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Liberty County, Texas

In 2011 Mark Brocato, Susy medeski and others purchased a forty-acre parcel of land in Liberty County, East Texas. The property is not improved by any structures and is comprised of approximately 20 acres of pine-oak forest and 10 acres of grassland. There are currently 5 families committed to the project – Medeskis, Fishers, Brocatos, Romans, Sommers. Families interested, but not committed – O’Briens, Griffins, Greens, Jon Landford, Anjanette Brewer, Andersons Proposed Development

The Texas group wishes to make the property their primary residence in the near future. The complete vision for the property includes multiple buildings and structures, significant landscape features, and agricultural components such as gardens and orchards.

They will form a community consisting of 15-20 homes; a possible community utility coop for electricity, water, water treatment, A/C; a central community center; a land use plan including orchards, animal crops and food crops using Permaculture techniques; animals – chickens, ducks, turkeys, goats and pertinent buildings; stocked lakes – possible lake view; a gun and archery range; greenhouses; possible residential expansion; possible income generating activities, i.e. farmer’s market, homes sales, rentals, excess utility generation, etc; bee keeping; hydroponics; possible community pool; biological waste treatment. It is anticipated that the complete build-out of the property may happen in a series of phases of construction.

The vision for the property is so much more than just a combination of the programmatic elements, but rather, the design of and relationships between residents will be guided by the principles of Permaculture in a desire to have the man-made built environment seamlessly and naturally fit-in to the natural landscape and habitat. As Wayne Weiseman has expressed, “Permaculture, above all else, is a comprehensive design system that takes all possible functions into account and attempts to create relationships between the geological, botanical, animal and human systems to create a high yielding and ecologically sound environment for all.”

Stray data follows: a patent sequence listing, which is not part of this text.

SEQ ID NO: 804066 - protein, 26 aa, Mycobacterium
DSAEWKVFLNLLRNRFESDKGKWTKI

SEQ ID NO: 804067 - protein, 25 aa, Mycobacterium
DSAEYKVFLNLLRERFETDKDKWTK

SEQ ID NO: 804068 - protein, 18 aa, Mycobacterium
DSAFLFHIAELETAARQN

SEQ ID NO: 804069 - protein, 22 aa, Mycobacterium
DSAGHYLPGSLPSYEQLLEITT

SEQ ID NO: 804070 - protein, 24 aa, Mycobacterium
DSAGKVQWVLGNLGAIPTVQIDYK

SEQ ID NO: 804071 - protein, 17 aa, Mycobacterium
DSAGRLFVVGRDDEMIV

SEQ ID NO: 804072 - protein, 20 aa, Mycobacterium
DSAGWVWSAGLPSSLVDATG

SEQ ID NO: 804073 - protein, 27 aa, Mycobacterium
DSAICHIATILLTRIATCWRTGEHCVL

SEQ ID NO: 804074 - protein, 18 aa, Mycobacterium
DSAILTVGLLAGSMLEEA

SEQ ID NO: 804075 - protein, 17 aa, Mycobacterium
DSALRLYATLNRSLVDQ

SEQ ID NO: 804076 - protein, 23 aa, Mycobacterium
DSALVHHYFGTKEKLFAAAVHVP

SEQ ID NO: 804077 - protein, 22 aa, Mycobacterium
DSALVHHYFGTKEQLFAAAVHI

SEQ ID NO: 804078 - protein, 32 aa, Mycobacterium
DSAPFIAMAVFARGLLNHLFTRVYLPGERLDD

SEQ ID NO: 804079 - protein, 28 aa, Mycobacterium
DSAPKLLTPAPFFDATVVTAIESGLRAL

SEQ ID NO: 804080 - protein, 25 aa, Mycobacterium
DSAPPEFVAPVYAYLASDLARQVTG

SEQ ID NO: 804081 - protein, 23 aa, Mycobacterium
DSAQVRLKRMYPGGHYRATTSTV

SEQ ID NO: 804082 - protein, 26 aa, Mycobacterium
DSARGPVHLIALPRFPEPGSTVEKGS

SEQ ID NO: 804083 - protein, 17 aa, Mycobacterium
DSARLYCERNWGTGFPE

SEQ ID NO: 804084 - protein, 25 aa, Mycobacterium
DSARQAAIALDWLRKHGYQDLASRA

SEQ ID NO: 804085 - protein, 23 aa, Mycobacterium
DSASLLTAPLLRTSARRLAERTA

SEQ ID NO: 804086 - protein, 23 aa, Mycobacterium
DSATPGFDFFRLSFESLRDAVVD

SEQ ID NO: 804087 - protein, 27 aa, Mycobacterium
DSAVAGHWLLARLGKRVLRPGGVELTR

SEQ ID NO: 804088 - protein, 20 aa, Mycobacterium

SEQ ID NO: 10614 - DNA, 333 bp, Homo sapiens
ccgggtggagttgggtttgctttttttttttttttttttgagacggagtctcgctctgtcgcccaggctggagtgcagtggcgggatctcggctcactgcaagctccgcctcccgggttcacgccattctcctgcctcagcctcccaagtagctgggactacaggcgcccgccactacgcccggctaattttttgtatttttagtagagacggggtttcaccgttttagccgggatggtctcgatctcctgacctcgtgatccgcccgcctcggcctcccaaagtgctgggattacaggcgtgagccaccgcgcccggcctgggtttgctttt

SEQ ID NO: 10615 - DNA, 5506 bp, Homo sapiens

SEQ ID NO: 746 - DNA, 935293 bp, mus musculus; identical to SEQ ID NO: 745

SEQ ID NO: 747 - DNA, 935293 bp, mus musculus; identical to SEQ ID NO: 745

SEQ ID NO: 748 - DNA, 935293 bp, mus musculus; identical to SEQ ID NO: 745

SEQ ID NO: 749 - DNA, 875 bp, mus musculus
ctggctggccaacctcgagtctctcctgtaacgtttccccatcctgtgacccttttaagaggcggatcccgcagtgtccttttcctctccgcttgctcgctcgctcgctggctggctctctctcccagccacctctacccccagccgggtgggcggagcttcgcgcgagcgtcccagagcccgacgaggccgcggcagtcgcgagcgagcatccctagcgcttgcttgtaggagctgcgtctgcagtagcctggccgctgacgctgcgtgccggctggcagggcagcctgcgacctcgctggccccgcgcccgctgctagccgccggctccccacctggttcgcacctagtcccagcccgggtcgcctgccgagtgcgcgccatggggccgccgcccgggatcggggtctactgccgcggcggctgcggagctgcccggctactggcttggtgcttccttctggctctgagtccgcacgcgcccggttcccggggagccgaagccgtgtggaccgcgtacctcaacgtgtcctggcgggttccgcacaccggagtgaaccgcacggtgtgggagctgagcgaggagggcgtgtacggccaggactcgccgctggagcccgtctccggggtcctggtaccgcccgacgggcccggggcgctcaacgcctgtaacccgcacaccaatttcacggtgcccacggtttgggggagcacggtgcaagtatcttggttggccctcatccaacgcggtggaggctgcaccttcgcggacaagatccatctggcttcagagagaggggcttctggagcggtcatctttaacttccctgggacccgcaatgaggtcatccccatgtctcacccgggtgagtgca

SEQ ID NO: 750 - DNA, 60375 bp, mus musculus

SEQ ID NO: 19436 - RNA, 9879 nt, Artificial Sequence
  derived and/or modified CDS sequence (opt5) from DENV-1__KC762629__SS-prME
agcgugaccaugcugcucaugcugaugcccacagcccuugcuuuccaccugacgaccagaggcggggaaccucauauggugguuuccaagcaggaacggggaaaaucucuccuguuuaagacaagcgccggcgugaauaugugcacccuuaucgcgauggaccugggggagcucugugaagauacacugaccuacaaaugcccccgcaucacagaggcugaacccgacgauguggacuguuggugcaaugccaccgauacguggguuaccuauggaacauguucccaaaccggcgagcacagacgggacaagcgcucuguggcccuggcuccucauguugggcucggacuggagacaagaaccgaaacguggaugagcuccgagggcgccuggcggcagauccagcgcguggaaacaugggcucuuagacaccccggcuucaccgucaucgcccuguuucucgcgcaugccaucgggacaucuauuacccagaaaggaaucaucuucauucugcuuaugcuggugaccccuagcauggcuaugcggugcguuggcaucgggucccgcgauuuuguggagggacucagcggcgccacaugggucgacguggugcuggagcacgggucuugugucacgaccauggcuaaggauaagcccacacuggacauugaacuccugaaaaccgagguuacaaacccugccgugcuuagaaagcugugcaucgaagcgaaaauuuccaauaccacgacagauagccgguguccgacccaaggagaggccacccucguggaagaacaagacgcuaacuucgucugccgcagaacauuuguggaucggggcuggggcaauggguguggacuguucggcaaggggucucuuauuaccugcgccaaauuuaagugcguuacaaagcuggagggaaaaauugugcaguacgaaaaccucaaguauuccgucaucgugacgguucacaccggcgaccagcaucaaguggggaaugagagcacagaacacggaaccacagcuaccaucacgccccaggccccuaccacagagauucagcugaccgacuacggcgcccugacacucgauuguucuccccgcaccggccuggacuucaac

For the buildings themselves, following a Permaculture approach will ensure sustainable and natural construction techniques and materials as well as provide for energy use through passive design strategies and renewable active mechanical and electrical systems. As noted by the Texas group, simplicity but high quality in design; function rather than size; and attention to detail will also be guiding principles for the design of the man-made elements.